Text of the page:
- Interpol Secretary General Jurgen Stock said he's concerned state-developed cyberweapons will become available on the darknet in a "couple of years."
- The topic of cyberwar has long been a concern for global governments, but it's gotten renewed attention amid the Russia-Ukraine war.
- The number of cyberattacks more than doubled globally in 2021, according to the World Economic Forum's Global Cybersecurity Outlook report.
Digital tools used by the military to conduct cyberwarfare could eventually end up in the hands of cybercriminals, a top Interpol official has warned.
Jurgen Stock, the international police agency's secretary general, said he's concerned state-developed cyberweapons will become available on the darknet — a hidden part of the internet that can't be accessed through search engines like Google — in a "couple of years."
"That is a major concern in the physical world — weapons that are used on the battlefield and tomorrow will be used by organized crime groups," Stock said during a CNBC-moderated panel at the World Economic Forum in Davos, Switzerland, Monday.
"The same applies for the digital weapons that, maybe today are used by the military, developed by military, and tomorrow will be available for criminals," he added.
Cyberweapons come in many forms, with ransomware — where hackers lock down a company's computer systems and demand a ransom payment to restore control — being a key one. The topic of cyberwar has long been a concern for global governments, but it's gotten renewed attention amid the Russia-Ukraine war.
Moscow has been blamed for numerous cyberattacks that took place before and during its military invasion of Ukraine. The Kremlin has consistently denied such accusations. In the meantime, Ukraine has enlisted the help of volunteer hackers from around the world to help it defend against Russian aggression.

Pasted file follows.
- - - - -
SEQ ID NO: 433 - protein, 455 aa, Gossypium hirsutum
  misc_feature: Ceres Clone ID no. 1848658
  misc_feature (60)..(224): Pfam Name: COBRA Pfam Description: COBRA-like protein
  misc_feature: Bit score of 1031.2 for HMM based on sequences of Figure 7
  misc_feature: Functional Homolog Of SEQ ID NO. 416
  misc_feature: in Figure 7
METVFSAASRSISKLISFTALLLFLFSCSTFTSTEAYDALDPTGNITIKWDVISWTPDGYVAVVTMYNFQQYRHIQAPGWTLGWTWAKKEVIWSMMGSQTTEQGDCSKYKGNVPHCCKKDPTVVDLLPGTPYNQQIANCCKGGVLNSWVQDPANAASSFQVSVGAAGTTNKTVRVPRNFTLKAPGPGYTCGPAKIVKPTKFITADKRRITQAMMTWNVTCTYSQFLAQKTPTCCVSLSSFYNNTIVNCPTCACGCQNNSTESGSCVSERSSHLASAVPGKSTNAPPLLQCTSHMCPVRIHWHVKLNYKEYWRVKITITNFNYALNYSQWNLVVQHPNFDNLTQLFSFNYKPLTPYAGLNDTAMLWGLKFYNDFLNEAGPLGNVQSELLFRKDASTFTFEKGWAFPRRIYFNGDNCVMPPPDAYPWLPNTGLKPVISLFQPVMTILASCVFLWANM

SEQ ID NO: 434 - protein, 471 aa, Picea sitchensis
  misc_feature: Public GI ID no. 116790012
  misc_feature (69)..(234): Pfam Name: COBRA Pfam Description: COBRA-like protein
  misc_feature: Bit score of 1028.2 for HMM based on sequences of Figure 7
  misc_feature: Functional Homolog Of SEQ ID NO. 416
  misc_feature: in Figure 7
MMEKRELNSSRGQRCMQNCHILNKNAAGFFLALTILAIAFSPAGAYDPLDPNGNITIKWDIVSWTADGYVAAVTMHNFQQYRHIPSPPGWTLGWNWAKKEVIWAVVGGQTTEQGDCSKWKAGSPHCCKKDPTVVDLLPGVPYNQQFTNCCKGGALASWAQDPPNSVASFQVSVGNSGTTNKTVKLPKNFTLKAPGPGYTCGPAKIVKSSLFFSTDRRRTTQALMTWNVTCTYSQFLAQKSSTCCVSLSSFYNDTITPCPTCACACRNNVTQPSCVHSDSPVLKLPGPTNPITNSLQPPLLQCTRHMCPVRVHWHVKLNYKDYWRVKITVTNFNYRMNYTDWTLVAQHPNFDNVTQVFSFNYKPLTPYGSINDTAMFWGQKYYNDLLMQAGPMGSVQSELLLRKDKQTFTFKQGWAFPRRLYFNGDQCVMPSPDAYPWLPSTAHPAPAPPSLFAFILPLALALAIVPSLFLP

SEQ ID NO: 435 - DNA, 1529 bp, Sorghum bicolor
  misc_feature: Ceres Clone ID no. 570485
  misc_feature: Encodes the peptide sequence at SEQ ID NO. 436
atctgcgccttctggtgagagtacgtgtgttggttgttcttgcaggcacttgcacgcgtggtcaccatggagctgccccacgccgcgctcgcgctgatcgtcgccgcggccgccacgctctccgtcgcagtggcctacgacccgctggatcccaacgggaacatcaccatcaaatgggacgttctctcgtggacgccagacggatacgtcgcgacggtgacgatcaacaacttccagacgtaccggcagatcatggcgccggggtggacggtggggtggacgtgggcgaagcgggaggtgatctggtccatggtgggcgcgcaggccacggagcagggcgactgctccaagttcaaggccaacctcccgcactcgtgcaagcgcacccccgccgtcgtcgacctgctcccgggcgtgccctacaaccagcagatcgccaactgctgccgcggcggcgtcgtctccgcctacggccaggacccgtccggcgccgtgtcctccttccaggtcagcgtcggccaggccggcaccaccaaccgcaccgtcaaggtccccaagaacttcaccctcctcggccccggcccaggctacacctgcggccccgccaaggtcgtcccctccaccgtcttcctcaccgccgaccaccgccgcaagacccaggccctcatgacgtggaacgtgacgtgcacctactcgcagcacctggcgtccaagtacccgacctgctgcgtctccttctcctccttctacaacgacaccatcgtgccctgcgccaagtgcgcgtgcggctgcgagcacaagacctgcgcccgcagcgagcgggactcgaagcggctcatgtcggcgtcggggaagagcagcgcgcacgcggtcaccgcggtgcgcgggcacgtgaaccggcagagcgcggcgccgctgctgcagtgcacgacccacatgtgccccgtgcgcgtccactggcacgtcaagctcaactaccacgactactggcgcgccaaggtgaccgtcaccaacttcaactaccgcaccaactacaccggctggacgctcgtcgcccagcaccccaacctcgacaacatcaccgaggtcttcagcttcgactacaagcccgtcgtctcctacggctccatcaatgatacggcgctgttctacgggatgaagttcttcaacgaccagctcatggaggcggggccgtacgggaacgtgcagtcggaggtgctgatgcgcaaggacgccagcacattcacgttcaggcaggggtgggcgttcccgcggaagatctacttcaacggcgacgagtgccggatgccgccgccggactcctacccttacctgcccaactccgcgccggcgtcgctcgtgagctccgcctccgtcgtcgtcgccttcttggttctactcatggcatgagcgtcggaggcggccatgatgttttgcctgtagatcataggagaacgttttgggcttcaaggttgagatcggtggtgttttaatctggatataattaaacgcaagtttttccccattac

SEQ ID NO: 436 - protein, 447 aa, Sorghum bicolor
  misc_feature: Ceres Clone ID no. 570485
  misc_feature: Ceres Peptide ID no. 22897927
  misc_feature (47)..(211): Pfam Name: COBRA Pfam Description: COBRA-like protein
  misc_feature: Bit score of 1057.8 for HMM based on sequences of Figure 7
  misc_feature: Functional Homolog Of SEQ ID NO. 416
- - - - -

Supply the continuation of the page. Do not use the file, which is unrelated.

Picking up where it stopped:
Stock called on business leaders to increase cooperation with governments and law enforcement authorities to ensure more effective policing of cybercrime.
"On the one hand, we are aware of what's going on — on the other hand, we need the data, which are in the private sector," he said.
"We need your [cyber breach] reports. Without your reports, we are blind."
A "huge number" of cyberattacks go unreported, Stock said. "That is a gap we need to close together, not just law enforcement that require that we build bridges between our siloes, the islands of information."
The number of cyberattacks more than doubled globally in 2021, according to the World Economic Forum's Global Cybersecurity Outlook report. Ransomware remains the most popular type of attack, according to the report, with organizations being targeted 270 times a year on average.
Cybersecurity incidents are putting critical energy infrastructure and supply chains at risk, executives and government officials on the panel said.
Robert Lee, CEO and co-founder of cybersecurity firm Dragos, urged businesses to focus on real-world scenarios — like the Russian state-backed attack on Ukraine's power grid in 2015 — instead of more hypothetical risks. Ukraine fended off a similar attempt to compromise its energy infrastructure in April this year.
"Our problem is not needing 'next-gen' AI, blockchain or whatever else," Lee said. "Our problem usually is just about rolling out with things that we've already invested in."